Bellows flare occurs when some of the light coming through the lens hits the bellows and not the film. It then reflects onto the film. Light travels in a straight line. Unless you have a lens shade that exactly matches the film (so no light coming through the lens goes elsewhere), which is virtualy impossible, you will get some bellows flare. A lens shade, which you should use all of the time in all kinds of lighting conditions, helps a lot, but the only absolute solution that is guaranteed to work is to use a camera one size larger than the negative size. Bellows flare is the reason that for my 8x20 photographs I use a 12 x 20 view camera with an 8x20 back. If you are using 4x5 film, use a 5x7 camera with a 4x5 back, etc. That is impractical when using an 8x10 so at the very least, use a good lens shade. We use the folding rubber shades available from Harrison and Harrison.
Michael A. Smith
Thanks for sharing your solution to internal bellows flare. My darkroom
(still not completely functioning yet, but the goal is to have it working by
year's end) is being set up to handle film for 5x7 and enlargemnets to 11x14.
I'm looking at a compendium type lens shade for my modified 5x7 Seneca
with the WF Ektar 135/56.3. I think I'll get the Lee system of compendium
shade and filter holder, but it will have to wait due to the cost (like $400+ as
the Ektar would require SK Grimes to make an adaptor to except the Lee system,
an additional $75+). I'll try to fund this next year. In the meantime I don't want
to delay getting started with all this new equipment and processes.
Plus I've got many unprinted 35mm negatives to print that I've been using
for the past 4 plus years. I haven't even used the 11x14 Versalab washer yet!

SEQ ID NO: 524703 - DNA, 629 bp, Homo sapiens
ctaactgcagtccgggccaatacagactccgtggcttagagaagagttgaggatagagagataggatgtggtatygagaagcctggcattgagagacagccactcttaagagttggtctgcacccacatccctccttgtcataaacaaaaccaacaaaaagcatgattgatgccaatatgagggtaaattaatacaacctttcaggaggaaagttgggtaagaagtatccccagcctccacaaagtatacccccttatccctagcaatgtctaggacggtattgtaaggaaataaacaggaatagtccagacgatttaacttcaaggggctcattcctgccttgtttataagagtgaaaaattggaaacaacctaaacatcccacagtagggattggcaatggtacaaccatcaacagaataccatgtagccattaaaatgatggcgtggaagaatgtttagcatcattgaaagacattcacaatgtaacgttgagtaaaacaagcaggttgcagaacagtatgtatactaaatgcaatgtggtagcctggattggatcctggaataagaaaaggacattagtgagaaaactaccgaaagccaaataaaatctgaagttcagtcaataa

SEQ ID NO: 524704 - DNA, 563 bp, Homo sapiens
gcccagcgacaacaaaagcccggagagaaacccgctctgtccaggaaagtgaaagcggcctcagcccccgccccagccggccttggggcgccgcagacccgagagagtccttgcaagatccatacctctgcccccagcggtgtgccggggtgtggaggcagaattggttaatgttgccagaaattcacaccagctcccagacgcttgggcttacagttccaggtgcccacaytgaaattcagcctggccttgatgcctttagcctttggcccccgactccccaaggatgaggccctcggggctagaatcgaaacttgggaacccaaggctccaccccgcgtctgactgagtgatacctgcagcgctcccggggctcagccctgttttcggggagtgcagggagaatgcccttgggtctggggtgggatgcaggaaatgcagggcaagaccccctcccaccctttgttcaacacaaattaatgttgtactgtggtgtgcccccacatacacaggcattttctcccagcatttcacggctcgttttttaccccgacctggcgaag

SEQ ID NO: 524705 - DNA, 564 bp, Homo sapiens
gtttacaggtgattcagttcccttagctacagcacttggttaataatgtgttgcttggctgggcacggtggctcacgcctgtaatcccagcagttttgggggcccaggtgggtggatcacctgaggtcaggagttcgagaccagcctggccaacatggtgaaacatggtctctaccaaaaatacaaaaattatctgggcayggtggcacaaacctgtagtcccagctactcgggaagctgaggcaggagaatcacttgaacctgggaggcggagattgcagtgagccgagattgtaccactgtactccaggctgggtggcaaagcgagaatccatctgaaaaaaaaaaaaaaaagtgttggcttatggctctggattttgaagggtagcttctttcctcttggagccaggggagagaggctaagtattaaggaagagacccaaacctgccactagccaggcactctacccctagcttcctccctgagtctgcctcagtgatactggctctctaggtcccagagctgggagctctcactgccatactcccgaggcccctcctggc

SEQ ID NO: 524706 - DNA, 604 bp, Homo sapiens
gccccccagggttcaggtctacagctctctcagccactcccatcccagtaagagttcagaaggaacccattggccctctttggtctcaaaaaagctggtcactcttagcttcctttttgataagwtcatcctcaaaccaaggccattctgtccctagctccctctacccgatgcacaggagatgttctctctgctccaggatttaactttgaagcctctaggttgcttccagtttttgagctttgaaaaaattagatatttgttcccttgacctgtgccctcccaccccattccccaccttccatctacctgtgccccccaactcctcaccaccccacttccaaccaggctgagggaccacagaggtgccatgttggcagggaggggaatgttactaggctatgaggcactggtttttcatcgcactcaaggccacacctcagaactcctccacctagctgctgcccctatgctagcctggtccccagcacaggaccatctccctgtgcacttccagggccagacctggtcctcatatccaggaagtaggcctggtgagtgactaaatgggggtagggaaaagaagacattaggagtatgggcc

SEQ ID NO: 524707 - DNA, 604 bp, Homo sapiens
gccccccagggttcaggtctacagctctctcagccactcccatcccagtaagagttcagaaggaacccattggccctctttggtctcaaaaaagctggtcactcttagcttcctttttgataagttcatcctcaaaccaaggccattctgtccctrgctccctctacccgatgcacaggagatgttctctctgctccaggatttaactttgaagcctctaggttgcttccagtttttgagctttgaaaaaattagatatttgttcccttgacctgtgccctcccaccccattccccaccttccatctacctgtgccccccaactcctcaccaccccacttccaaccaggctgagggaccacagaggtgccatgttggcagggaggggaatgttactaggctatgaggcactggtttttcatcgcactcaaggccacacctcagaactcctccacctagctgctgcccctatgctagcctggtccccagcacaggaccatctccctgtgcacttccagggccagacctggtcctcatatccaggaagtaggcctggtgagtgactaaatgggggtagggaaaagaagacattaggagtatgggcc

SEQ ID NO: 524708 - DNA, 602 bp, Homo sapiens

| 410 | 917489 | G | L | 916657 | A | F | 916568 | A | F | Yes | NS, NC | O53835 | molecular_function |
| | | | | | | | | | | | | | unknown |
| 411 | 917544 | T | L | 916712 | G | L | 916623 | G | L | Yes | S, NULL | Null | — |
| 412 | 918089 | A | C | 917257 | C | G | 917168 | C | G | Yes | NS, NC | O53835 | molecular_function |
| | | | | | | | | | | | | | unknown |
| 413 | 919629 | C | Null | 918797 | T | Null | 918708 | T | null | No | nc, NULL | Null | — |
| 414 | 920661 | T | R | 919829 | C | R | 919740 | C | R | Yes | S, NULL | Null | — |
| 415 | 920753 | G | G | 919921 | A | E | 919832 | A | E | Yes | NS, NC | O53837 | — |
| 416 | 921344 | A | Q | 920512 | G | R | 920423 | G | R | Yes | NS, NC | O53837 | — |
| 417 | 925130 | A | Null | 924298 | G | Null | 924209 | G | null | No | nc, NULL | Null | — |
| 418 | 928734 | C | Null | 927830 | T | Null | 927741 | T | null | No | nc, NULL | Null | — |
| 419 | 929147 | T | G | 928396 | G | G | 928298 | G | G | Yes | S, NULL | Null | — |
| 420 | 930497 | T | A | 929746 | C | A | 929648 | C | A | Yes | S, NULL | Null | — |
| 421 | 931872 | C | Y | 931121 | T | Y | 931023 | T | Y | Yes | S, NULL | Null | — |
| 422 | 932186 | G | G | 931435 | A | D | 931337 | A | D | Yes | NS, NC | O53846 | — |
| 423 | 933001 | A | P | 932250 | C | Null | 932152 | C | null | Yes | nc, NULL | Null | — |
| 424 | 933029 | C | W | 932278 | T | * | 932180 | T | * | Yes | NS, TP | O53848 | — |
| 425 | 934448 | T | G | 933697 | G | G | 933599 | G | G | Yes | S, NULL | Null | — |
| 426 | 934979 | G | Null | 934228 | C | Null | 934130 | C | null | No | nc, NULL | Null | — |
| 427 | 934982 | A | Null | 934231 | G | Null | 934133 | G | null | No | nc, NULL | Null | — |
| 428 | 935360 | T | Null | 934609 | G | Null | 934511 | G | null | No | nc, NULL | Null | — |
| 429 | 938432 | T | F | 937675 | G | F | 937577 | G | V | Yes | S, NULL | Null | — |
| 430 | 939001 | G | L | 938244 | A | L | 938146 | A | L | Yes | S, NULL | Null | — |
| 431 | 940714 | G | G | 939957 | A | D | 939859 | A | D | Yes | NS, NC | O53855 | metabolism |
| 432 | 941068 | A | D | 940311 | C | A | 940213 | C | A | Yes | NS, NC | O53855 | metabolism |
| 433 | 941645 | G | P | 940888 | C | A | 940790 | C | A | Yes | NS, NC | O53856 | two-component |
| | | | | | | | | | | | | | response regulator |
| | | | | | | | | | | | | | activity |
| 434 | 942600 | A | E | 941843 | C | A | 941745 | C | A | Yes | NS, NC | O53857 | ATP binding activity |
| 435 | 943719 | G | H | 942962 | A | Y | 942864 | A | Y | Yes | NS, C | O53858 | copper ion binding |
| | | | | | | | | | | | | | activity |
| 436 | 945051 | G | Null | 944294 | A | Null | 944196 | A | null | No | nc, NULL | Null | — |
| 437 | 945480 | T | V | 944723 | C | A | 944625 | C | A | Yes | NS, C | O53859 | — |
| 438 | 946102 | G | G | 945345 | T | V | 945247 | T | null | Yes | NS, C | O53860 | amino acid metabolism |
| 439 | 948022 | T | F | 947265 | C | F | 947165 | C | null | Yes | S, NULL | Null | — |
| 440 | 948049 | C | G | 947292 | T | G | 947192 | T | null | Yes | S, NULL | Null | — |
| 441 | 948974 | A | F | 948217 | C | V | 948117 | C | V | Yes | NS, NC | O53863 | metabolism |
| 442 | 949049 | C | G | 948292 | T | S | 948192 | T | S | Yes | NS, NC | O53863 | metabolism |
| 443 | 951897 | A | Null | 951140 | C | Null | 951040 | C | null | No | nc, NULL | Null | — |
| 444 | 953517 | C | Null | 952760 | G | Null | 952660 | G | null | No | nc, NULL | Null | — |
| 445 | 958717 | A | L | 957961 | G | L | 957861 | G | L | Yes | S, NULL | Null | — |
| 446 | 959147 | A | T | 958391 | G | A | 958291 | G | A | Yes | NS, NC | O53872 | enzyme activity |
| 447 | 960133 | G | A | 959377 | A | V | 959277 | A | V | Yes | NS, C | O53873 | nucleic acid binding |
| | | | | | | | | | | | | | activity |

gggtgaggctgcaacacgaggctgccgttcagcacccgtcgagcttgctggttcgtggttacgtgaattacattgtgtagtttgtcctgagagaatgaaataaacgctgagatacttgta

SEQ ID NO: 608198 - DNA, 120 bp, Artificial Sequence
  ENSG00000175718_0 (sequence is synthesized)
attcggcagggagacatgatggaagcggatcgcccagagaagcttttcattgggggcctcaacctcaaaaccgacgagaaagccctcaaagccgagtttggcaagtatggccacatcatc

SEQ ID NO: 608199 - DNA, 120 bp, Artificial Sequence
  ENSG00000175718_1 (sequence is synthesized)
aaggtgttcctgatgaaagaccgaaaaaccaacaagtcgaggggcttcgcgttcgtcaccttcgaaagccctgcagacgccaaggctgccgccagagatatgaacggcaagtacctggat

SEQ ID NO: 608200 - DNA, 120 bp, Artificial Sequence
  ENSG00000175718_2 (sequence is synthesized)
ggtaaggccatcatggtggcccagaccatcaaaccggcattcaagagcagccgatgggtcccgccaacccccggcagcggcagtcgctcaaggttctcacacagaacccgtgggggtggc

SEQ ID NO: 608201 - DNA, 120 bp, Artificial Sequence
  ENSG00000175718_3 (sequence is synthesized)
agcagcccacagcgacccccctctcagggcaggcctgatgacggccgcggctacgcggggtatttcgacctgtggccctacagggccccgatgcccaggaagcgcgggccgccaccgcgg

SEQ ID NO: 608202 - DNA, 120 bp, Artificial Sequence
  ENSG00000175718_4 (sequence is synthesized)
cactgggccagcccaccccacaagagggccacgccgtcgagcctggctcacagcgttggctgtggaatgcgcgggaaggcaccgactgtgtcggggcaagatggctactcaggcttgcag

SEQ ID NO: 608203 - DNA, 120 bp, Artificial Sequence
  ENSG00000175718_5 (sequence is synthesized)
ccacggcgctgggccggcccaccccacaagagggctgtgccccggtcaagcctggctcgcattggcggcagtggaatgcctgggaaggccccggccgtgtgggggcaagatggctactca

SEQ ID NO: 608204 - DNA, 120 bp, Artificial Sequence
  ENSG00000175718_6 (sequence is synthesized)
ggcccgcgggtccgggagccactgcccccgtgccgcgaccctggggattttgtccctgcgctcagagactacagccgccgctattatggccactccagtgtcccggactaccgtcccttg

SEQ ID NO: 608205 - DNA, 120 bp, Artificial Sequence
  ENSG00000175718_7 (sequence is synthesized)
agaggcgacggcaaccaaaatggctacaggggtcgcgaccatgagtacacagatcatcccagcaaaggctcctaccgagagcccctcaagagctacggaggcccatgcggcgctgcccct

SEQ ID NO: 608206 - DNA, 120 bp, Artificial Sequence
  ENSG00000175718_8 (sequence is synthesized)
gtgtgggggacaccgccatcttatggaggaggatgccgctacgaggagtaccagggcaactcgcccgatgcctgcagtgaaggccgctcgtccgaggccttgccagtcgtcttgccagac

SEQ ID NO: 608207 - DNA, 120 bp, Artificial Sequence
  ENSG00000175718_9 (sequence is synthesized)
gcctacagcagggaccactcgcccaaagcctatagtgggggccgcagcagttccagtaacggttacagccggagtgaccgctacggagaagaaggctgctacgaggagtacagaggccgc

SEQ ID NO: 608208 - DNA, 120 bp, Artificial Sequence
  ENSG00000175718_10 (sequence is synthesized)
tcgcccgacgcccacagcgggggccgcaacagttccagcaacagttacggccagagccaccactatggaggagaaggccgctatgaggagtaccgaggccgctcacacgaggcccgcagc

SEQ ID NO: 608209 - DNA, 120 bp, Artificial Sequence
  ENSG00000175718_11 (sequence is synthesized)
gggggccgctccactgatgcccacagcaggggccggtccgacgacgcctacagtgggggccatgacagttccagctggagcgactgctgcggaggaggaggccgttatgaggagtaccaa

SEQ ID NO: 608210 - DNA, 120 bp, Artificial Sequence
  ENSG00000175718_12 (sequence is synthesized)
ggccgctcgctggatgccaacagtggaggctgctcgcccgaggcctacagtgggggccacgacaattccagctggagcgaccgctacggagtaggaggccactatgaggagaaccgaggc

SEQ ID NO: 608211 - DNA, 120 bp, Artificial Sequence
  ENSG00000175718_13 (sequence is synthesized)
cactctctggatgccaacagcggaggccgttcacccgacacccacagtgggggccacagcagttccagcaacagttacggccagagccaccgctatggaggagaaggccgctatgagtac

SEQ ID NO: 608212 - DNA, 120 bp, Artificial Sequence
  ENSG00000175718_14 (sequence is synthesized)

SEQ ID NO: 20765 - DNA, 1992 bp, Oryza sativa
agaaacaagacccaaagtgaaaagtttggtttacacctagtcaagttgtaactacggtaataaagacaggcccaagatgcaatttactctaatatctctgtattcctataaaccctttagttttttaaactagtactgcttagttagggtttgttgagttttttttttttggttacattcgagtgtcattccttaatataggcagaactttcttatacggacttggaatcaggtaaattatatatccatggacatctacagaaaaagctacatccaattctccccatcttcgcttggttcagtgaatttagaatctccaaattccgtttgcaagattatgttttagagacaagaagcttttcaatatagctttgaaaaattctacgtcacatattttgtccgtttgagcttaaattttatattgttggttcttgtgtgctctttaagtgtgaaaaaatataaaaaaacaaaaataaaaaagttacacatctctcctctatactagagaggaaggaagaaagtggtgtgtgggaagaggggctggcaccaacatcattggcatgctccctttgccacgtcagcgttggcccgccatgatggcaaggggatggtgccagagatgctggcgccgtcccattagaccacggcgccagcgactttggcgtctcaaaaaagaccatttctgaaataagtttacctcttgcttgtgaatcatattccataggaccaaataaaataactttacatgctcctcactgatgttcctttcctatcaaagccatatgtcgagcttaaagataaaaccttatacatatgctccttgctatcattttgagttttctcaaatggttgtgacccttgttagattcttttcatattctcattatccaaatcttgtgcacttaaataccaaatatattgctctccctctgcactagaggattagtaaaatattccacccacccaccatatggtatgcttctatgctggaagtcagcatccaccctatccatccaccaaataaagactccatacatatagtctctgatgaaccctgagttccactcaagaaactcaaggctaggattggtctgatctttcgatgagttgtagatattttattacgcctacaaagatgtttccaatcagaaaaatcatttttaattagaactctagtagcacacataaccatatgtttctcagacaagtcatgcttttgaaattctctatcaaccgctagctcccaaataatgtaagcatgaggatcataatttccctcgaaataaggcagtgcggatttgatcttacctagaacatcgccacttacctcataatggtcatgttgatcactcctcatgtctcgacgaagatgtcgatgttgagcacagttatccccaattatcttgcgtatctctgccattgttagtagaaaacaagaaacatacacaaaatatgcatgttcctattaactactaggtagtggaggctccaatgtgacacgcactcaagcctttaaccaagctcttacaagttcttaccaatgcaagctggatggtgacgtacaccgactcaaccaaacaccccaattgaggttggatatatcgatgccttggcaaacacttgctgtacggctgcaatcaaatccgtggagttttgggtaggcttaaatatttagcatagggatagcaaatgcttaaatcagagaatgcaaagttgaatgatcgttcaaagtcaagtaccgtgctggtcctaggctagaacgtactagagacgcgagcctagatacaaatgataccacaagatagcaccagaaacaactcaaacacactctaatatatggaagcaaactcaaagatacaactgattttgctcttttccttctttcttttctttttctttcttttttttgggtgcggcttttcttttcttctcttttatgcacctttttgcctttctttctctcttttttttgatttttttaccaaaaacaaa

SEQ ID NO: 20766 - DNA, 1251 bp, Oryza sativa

I'll continue to shoot 35mm ( with a Russian Zorki camera, always in my pants
pocket, a copy of the Leica II, though I've added a Leitz 50mm frameline finder),
as this approach to photography is vastly different from the view camera.
Also, I'm aprrenticing someone with a keen interest in black and white
silver printing and helping him setup his darkroom with the necessary chemicals
Sure the Panatomic-X film could be cut to 4x5. I've used some of it when I
had a Graflex SLR 3 1/4 x 4 1/4 camera and cut to that size. But the two cuts
proved too much of a hassle and the camera was sold several years ago. Also,
if this film cutting proves too tedious, there's still film available in 5x7. And since
I picked up this aerial film for about $60 on eBay, it seemed like a good project.
As far as I know, it's the same Panatomic-X of yore.
I'll add that I don't really have a darkroom. Since I live alone (well, one cat),
I've integrated the darkroom into the kitchen.
Jdef, I have had the same problem with edge density, I now shuffle my 8x10 continuously, but it is still there. Handling 8x10 takes a little more practice than 4x5. For a little while half my negs were going in the trash. Is there any way to burn in the edges?
art is about managing compromise
jdef if your problem is not bellows flare as Mr. Smith pointed out, why dont you give brush development a try? I know it is a pain in the arse to develop one by one, but I develop mine in an 8x10 tray and dont have this problem. Or you can switch to 11x14 trays and see how that works.
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